Yarmouth journalist's advice: Hard work matters more than technology
YARMOUTH — As a child, Sabrina Shankman dreamed of one day being a journalist.
She was inspired by her grandfather, a career circulation director for several newspapers, who would take her to see the printing presses.
"He worshipped newspapers, and I worshipped him," Shankman said. "It planted the seed when I was really young."
Today, at 30, Shankman has already written and produced for some of the country's most hard-hitting investigative news outlets, exposing corruption and telling stories across a variety of media.
Shankman graduated from Yarmouth High School and studied journalism at New York University, and interned at The Forecaster. She then spent almost two years as a reporter with the Taunton Daily Gazette in Massachusetts before heading to a two-year master's program at the University of California at Berkeley.
During grad school, Shankman did a summer internship with the South African bureau of the Associated Press in Johannesburg. She covered stories ranging from Nelson Mandela's 90th birthday, to violent elections in Zimbabwe, to the burgeoning South African snowboarding scene.
"I was there for just two months, but it was a hell of an experience," Shankman said.
She went on to intern at the Los Angeles bureau of The Wall Street Journal and then, four years ago, moved to New York City to work for ProPublica, a Pulitzer Prize-winning investigative news nonprofit.
At ProPublica, Shankman helped produce several "Frontline" documentaries, including 2010's "Law and Disorder," which examined the New Orleans Police Department in the aftermath of Hurricane Katrina. Shankman pursued rumors that high-ranking police officials had issued an order to shoot looters, regardless of whether they were armed.
"I was meeting with police officers for mostly off-the-record conversations," she said. "Over time, this picture developed that in fact this had been something that was told to them. So it was just a matter of getting enough people to corroborate that story. And then over time, trying to build some trust, and trying to get people to go on the record, and I ultimately some did. That was an incredibly challenging and rewarding experience of just going down there and hustling."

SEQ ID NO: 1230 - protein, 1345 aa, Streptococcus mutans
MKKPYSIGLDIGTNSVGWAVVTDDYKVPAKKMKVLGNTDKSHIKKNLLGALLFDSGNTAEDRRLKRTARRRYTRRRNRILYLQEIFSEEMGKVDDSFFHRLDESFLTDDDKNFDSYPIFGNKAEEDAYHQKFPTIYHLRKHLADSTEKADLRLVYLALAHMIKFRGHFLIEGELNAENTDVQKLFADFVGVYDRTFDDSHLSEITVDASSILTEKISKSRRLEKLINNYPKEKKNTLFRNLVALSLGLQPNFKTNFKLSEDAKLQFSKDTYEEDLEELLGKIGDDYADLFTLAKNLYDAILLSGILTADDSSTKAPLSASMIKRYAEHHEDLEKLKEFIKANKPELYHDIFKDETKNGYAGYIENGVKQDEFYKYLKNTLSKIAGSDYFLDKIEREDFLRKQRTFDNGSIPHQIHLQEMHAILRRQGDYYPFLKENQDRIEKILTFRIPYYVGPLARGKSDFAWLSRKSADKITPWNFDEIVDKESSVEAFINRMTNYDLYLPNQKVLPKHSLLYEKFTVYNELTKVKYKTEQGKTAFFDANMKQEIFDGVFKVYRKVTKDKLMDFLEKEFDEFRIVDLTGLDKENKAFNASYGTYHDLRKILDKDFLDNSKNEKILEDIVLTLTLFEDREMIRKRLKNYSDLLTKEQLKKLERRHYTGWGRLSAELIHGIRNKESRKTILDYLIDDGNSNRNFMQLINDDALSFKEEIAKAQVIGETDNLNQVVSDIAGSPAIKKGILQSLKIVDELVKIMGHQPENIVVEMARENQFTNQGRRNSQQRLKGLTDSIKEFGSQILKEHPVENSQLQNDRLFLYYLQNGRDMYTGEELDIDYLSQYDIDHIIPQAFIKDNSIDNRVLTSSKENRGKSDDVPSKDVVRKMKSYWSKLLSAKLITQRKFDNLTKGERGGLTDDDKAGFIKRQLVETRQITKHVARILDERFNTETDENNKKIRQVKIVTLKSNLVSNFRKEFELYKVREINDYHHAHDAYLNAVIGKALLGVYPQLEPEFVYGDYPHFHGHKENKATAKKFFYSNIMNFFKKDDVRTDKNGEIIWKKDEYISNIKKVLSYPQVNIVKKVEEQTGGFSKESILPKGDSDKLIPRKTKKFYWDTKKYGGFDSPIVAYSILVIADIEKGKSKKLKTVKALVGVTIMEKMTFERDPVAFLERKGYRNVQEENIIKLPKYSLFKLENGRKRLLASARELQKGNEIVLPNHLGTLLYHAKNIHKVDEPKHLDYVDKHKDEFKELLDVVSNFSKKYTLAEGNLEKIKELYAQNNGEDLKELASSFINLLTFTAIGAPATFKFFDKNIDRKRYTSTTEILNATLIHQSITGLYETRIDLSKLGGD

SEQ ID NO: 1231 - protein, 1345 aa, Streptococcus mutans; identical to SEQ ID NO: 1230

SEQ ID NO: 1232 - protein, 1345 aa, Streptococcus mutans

Shankman also contributed to the recent book and TV documentary "League of Denial," which explores concussions in professional football.
Most recently, she took a position as a producer and reporter for InsideClimate News, a nonprofit environmental news organization that earned the 2013 Pulitzer Prize for National Reporting.
Shankman said she wasn't concerned about narrowing the scope of her focus to environmental and energy issues.
"There are so many different facets," she said. "This affects every part of our lives and will continue to do so more in the future. So it's definitely an adjustment, thinking that I'm going to be living inside this framework for a while, but it's also kind of exciting because there are so many important stories to be told. I don't think it'll ever get boring."
This isn't Shankman's first time covering environmental issues, either. She wrote her master's thesis about oil development on an Indian reservation in North Dakota's Bakken shale; at ProPublica, she worked with Abrahm Lustgarten on stories about hydrolic fracturing and the natural gas industry.
Since joining InsideClimate News, Shankman has expanded her skill set even further: she built an app, called ICN Books, released last week, that increases the interactivity of e-books.
"InsideClimate writes these books, and what I'm doing is pulling in various media – whether it's photos, audio, video – and incorporating that into the story for a more immersive storytelling experience," she said.
Shankman lives in Brooklyn, N.Y., with her husband, Andrew Hodgkins, a preschool teacher who previously played drums in Portland rock band As Fast As. They met in fourth grade. Their families still live in Maine, and the couple visit the state regularly, Shankman said.
Looking ahead, Shankman said she doesn't know quite what her future has in store, and that doesn't bother her.
"When I was in grad school, I expected that I would be a print reporter for life," she said. "And the next thing I knew, I was helping produce for 'Frontline.' And that somehow turned to creating (interactive content), and trying to think about new storytelling methods for investigative journalism. I feel like, in many ways, the job I want down the road might not exist yet."
Although Shankman has taken advantage of new technologies to enhance her abilities as storyteller, she advises aspiring journalists to focus less on the industry's ever-changing toolkit and more on their own fundamentals.
"There's a lot of stress put on technology right now, on the future of journalism, and learning about new cameras or web development or whatever it may be," she said. "But the people I know who do the most interesting work and find themselves constantly employed are the ones who are just really good journalists, who care a lot and work really hard, and just are always questioning their assumptions and trying to figure out what's actually going on."